Have you ever had ochazuke before? Chances are, unless you have been to Japan, you haven’t! While not very popular outside of Japan, its a common Japanese comfort food that is eaten across the country by people from all walks of life. Ochazuke is white rice with hot green tea poured over it, and usually topped with seaweed, salted fish, or other simple savoury ingredients. While its not a proper “sit down with your whole family and enjoy it together” kind of meal, ochazuke is still enjoyed by people looking for a quick bite, or eaten after a meal is finished to help you feel full and use up extra rice. Since it’s usually made with leftover ingredients and things one has at home already, it’s not an expensive dish to make either!
What is Ochazuke Anyway?
The name “ochazuke” comes from a combination of two Japanese words; “ocha,” which means tea, and “zuke,” which roughly means submerged. And that is exactly how ochazuke is made, by submerging rice in tea! So if you’re ready for a meal that you can make even when you’re tired and want to try something that is truly Japanese, you can try to make ochazuke at home. Depending on the toppings you chose, its very easy to make ochazuke vegan and vegetarian friendly as well!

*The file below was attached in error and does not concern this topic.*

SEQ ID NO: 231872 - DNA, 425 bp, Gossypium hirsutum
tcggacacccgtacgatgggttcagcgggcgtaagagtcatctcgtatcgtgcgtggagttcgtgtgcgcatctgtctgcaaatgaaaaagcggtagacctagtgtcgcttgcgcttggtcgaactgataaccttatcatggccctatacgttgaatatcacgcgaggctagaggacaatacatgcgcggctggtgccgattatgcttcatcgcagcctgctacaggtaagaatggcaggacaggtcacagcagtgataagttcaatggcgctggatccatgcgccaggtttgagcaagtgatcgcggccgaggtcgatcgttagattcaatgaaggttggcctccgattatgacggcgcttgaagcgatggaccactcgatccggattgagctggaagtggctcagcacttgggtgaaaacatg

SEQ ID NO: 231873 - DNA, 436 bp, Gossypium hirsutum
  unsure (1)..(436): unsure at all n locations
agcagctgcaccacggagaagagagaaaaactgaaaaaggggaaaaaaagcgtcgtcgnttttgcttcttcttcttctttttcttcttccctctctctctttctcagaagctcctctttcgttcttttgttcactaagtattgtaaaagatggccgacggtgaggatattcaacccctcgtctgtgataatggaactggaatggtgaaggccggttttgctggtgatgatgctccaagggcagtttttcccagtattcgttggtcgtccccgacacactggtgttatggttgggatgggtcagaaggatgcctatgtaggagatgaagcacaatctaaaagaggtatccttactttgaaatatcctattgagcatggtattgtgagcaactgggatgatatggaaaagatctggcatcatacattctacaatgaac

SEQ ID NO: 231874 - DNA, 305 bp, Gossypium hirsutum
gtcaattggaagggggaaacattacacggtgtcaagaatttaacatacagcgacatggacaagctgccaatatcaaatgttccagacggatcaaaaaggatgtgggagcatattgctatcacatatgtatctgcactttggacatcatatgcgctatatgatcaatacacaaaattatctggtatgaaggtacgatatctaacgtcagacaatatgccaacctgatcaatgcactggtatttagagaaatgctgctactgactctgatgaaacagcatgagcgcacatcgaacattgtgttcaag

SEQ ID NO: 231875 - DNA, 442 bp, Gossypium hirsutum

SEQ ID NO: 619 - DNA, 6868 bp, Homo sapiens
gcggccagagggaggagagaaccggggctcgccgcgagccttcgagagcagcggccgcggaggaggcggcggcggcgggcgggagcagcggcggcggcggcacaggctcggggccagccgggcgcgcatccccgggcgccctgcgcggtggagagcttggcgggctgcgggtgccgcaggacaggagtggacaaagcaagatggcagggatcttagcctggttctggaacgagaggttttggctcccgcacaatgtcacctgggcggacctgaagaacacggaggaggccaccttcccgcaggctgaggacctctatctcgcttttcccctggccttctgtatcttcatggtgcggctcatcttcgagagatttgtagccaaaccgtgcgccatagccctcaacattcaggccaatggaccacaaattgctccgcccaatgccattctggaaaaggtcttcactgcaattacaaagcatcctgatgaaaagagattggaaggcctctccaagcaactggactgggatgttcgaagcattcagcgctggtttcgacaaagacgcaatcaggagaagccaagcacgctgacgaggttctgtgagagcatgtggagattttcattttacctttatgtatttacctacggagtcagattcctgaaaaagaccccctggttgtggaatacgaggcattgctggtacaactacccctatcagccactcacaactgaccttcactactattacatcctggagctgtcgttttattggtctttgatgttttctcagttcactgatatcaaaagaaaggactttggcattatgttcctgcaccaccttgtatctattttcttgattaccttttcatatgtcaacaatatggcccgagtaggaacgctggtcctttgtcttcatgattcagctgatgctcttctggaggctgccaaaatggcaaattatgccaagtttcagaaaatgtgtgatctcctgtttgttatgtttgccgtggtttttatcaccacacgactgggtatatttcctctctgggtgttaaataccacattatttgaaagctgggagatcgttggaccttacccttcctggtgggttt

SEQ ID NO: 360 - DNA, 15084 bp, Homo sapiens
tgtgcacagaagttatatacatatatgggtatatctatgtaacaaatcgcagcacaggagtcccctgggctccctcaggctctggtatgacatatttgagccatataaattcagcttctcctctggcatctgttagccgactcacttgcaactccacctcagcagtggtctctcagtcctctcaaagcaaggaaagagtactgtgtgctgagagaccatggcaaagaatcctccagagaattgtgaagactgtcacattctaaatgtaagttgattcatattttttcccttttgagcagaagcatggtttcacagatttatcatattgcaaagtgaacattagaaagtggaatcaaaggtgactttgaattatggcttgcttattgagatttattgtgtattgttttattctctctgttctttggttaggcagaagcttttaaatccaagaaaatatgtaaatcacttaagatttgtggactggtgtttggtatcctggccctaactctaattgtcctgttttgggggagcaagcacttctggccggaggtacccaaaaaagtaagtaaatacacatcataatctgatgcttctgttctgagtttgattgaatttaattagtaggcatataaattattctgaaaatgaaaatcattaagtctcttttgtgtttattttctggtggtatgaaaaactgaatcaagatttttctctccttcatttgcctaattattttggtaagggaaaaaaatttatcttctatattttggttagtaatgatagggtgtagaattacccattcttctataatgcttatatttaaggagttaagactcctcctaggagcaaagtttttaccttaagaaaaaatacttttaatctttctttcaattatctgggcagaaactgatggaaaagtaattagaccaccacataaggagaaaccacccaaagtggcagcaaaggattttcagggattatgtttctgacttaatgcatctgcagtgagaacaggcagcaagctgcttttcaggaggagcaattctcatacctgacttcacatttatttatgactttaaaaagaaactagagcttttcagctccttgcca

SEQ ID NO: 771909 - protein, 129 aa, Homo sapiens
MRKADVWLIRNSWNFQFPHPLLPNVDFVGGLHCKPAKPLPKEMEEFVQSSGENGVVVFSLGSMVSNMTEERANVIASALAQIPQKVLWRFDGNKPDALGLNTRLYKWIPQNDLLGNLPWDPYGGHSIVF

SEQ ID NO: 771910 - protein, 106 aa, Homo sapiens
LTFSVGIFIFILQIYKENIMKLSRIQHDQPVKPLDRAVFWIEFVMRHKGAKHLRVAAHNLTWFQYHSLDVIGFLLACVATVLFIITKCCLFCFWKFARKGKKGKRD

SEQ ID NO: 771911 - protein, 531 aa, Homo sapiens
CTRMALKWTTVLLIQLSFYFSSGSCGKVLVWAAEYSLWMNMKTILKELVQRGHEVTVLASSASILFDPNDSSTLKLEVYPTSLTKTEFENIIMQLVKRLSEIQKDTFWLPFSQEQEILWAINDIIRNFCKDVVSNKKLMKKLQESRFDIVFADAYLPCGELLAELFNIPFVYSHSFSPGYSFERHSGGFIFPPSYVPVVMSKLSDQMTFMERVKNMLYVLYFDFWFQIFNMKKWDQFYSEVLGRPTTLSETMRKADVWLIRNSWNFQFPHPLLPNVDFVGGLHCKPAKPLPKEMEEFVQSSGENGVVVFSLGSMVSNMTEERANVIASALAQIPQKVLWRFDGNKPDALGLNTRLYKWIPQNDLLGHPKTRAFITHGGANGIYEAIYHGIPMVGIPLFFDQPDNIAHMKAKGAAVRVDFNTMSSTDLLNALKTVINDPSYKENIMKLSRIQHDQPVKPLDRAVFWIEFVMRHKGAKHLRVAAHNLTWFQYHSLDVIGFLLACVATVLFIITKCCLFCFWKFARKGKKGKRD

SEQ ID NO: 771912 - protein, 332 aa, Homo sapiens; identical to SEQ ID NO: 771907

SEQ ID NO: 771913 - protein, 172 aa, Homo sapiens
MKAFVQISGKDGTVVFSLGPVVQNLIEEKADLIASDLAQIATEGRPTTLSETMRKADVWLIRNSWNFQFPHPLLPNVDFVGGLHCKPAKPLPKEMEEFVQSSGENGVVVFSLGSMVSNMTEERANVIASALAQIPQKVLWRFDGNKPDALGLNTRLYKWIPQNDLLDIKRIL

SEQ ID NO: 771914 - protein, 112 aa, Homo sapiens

What you need:
Ochazuke Recipe( Makes: 1 serving )
Optional toppings: 1 tsp crushed Japanese rice crackers, 1 tsp shredded dry seaweed, 1 tsp cut scallion, 1 tsp white sesame seeds, 1/2 fillet of salted salmon, wasabi to taste
How to Cook It:
1First, prepare your green tea. Put the tea leaves in the pot and add the appropriate temperature of water for your leaves (be sure to check their packaging as different teas require different brewing directions). Set aside 1-2 minutes to cool after it has brewed.
2Next, serve the cooked rice in a bowl. Make sure the rice is already warmed up! Leftover and fresh rice can both be used.
3Pour the tea over the rice until it covers up the rice about halfway, ensuring the liquid gets on everything.
4Add the toppings you have chosen to the top, and enjoy your dish!
Have you ever had ochazuke before? Are you going to try to make some now with our recipe? If you have had it, or have made it before, did you like it? How did our recipe work for you? What toppings did you use for your ochazuke? Would you like to see another similar recipe for something else? Let us know in the comments!